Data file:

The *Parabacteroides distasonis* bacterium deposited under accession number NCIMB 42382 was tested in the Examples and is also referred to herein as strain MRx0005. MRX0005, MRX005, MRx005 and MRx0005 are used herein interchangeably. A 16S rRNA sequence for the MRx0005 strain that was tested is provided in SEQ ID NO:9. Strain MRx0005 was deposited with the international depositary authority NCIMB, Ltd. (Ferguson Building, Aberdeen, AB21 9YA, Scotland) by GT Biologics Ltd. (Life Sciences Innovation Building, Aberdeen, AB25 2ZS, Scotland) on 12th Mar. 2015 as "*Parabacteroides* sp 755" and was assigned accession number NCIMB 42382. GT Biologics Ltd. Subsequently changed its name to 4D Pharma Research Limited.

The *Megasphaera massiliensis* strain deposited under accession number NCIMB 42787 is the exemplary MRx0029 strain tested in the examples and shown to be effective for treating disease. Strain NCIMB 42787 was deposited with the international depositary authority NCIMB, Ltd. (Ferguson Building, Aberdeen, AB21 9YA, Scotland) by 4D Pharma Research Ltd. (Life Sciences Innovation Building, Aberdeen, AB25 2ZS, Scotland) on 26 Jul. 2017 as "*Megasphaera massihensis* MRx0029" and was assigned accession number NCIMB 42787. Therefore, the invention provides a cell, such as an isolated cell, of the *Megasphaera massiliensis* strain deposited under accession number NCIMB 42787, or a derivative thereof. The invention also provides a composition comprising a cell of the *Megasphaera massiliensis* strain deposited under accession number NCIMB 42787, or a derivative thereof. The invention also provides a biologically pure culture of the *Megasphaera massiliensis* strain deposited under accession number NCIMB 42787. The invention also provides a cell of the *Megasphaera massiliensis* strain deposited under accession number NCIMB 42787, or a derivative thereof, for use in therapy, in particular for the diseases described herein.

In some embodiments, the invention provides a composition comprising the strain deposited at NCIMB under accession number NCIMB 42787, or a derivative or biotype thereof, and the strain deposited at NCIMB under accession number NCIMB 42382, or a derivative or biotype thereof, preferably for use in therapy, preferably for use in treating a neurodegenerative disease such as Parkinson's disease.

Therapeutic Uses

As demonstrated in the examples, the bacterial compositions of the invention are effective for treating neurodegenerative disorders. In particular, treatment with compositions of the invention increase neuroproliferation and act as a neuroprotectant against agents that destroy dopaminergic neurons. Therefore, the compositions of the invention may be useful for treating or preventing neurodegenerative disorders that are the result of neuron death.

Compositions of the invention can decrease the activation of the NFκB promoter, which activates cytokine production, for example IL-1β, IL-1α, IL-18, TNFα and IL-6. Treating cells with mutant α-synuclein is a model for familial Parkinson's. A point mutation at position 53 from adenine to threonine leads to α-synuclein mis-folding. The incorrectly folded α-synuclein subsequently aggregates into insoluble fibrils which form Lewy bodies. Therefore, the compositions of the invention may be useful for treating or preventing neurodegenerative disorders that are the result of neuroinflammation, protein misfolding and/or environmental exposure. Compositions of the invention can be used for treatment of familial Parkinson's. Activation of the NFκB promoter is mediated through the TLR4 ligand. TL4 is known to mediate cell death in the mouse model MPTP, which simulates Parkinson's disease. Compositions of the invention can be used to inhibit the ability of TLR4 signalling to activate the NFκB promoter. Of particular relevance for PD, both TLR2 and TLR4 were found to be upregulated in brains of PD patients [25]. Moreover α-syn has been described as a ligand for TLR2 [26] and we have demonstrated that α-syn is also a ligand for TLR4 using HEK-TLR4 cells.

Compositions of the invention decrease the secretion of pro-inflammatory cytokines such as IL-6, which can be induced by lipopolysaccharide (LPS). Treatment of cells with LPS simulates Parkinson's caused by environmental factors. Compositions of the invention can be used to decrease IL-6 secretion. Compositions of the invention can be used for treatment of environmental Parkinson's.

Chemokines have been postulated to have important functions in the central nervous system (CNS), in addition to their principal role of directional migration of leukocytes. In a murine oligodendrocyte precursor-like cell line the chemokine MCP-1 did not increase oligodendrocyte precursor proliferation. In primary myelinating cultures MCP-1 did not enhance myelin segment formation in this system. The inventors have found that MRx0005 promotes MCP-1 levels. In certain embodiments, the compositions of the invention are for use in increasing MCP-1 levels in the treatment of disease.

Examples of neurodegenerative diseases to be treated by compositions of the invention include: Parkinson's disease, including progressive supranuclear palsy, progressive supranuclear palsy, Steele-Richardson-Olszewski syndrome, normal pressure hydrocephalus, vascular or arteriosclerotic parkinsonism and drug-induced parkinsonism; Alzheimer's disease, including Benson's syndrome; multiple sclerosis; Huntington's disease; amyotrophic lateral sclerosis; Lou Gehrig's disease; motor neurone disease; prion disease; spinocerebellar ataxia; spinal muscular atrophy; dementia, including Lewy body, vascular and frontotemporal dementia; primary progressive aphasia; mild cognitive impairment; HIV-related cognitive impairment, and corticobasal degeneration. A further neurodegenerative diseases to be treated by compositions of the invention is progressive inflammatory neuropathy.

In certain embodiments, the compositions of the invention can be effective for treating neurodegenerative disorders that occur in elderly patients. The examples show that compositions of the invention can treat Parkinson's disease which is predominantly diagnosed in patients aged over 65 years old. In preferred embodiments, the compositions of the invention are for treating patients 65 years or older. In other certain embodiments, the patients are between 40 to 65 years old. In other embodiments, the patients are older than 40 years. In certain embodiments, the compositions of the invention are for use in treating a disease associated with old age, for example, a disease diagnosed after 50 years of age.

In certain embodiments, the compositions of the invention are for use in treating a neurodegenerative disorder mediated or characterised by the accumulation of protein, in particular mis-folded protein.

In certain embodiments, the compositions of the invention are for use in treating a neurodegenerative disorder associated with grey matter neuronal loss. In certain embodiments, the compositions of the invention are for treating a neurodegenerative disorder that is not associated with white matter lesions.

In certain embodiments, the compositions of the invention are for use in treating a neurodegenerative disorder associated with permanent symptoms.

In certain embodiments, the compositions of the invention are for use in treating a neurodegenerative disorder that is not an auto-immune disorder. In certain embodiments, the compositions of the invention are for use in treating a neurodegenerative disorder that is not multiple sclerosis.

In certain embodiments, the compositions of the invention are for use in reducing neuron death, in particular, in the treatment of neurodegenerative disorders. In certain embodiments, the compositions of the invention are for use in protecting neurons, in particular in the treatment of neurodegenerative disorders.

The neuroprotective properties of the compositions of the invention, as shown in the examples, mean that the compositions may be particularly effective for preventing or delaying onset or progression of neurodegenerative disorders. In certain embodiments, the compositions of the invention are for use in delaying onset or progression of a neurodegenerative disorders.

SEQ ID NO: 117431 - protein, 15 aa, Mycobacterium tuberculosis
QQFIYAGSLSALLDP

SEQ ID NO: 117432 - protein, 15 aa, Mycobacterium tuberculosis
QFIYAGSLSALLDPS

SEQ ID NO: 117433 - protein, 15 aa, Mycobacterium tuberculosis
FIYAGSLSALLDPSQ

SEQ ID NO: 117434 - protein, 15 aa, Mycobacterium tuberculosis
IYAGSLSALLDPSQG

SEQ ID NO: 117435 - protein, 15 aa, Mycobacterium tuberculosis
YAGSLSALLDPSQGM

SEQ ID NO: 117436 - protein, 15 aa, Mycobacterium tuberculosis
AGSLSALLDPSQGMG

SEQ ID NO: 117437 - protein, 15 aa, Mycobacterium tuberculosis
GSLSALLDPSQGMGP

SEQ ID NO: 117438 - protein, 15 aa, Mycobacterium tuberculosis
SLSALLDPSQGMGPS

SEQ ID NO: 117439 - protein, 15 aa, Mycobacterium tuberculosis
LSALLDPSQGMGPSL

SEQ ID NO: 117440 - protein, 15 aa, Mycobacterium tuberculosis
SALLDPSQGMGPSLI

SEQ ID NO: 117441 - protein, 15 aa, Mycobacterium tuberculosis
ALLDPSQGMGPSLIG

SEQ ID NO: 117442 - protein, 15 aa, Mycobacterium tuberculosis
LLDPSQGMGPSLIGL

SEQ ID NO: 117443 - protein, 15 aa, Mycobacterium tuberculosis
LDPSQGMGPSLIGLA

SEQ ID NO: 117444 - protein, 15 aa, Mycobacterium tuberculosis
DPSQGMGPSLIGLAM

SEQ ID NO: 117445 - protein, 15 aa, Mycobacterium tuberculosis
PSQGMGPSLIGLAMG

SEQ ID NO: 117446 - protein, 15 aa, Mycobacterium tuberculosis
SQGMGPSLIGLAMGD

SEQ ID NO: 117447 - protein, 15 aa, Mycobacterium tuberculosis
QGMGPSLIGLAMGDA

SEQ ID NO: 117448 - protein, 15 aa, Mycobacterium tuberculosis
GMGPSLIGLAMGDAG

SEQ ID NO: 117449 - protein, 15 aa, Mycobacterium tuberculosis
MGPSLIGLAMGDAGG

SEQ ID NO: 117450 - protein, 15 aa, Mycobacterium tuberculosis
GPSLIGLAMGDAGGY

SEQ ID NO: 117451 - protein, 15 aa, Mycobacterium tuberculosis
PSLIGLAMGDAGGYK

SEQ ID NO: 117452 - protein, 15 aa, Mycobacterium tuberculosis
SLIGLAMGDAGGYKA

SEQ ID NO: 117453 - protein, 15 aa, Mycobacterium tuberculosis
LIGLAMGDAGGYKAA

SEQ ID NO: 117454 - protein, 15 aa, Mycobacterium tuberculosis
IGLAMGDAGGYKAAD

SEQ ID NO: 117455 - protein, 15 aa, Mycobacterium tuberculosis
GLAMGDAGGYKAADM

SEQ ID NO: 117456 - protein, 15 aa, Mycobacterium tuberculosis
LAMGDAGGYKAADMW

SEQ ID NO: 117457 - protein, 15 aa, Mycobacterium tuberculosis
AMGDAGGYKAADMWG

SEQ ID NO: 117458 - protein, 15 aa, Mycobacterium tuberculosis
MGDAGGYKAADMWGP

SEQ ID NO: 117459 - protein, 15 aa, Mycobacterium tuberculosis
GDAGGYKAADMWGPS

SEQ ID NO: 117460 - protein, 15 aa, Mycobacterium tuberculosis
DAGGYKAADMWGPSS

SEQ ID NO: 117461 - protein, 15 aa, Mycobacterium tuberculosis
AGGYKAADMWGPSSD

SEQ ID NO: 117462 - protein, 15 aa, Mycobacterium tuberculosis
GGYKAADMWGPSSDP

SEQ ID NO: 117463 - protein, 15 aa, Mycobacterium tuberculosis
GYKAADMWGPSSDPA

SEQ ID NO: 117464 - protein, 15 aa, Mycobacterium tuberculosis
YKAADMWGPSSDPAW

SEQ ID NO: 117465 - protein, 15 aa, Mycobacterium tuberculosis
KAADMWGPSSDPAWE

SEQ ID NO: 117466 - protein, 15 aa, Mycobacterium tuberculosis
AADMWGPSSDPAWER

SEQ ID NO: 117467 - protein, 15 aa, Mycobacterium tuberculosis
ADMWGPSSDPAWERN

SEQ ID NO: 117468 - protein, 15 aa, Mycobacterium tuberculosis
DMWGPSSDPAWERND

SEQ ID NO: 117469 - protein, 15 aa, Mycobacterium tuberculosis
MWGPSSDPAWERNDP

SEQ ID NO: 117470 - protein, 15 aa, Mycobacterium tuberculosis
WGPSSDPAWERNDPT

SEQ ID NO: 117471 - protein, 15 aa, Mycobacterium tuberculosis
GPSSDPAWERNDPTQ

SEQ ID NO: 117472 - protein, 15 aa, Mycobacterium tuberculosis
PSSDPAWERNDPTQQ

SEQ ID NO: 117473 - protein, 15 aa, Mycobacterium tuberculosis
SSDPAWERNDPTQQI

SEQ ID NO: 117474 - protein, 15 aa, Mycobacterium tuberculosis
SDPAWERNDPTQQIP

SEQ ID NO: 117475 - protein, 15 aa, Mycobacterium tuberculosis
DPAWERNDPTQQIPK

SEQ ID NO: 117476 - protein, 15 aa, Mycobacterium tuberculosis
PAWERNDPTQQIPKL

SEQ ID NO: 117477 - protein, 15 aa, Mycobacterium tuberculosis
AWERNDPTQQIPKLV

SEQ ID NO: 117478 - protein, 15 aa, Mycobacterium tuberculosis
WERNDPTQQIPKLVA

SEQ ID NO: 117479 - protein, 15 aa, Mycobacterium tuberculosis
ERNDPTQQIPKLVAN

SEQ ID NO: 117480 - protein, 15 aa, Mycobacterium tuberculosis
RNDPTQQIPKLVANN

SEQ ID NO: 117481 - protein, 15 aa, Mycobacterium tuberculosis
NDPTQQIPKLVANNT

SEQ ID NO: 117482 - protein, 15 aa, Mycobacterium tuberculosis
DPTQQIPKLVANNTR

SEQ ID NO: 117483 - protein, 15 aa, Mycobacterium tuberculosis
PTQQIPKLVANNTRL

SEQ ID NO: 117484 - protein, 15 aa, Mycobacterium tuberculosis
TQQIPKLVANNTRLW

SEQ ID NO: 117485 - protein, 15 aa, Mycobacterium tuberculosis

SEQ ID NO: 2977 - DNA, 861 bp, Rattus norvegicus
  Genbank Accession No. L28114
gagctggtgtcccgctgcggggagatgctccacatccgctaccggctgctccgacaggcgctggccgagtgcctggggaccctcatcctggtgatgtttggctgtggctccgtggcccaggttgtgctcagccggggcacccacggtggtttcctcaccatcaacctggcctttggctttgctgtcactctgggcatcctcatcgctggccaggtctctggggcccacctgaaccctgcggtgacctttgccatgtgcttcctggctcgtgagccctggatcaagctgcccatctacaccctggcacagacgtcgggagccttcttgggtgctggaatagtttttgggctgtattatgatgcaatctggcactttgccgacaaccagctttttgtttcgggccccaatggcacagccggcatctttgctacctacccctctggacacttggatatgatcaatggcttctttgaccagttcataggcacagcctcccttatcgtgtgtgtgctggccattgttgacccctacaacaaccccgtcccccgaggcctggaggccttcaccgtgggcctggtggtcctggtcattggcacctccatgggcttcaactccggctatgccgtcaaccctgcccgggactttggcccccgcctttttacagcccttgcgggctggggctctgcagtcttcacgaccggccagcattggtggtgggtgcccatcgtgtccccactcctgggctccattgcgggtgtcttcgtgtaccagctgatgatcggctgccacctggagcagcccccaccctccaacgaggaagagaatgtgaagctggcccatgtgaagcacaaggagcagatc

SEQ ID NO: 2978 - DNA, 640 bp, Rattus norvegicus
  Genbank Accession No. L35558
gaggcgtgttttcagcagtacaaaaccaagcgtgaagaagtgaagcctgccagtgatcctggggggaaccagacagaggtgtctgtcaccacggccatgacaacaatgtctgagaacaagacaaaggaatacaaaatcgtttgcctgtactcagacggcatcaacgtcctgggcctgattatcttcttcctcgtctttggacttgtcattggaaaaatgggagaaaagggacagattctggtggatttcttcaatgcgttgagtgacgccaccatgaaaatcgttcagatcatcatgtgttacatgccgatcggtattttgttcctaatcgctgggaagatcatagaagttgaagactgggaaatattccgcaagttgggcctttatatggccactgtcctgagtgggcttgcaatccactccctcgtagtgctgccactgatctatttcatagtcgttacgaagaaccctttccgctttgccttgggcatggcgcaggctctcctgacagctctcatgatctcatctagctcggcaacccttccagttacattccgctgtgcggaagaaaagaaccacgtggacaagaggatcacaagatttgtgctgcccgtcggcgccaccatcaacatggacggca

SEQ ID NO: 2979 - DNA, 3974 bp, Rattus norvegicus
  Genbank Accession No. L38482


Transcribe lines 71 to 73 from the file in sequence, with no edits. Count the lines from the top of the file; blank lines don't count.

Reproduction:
SEQ ID NO: 117458 - protein, 15 aa, Mycobacterium tuberculosis
MGDAGGYKAADMWGP

SEQ ID NO: 117459 - protein, 15 aa, Mycobacterium tuberculosis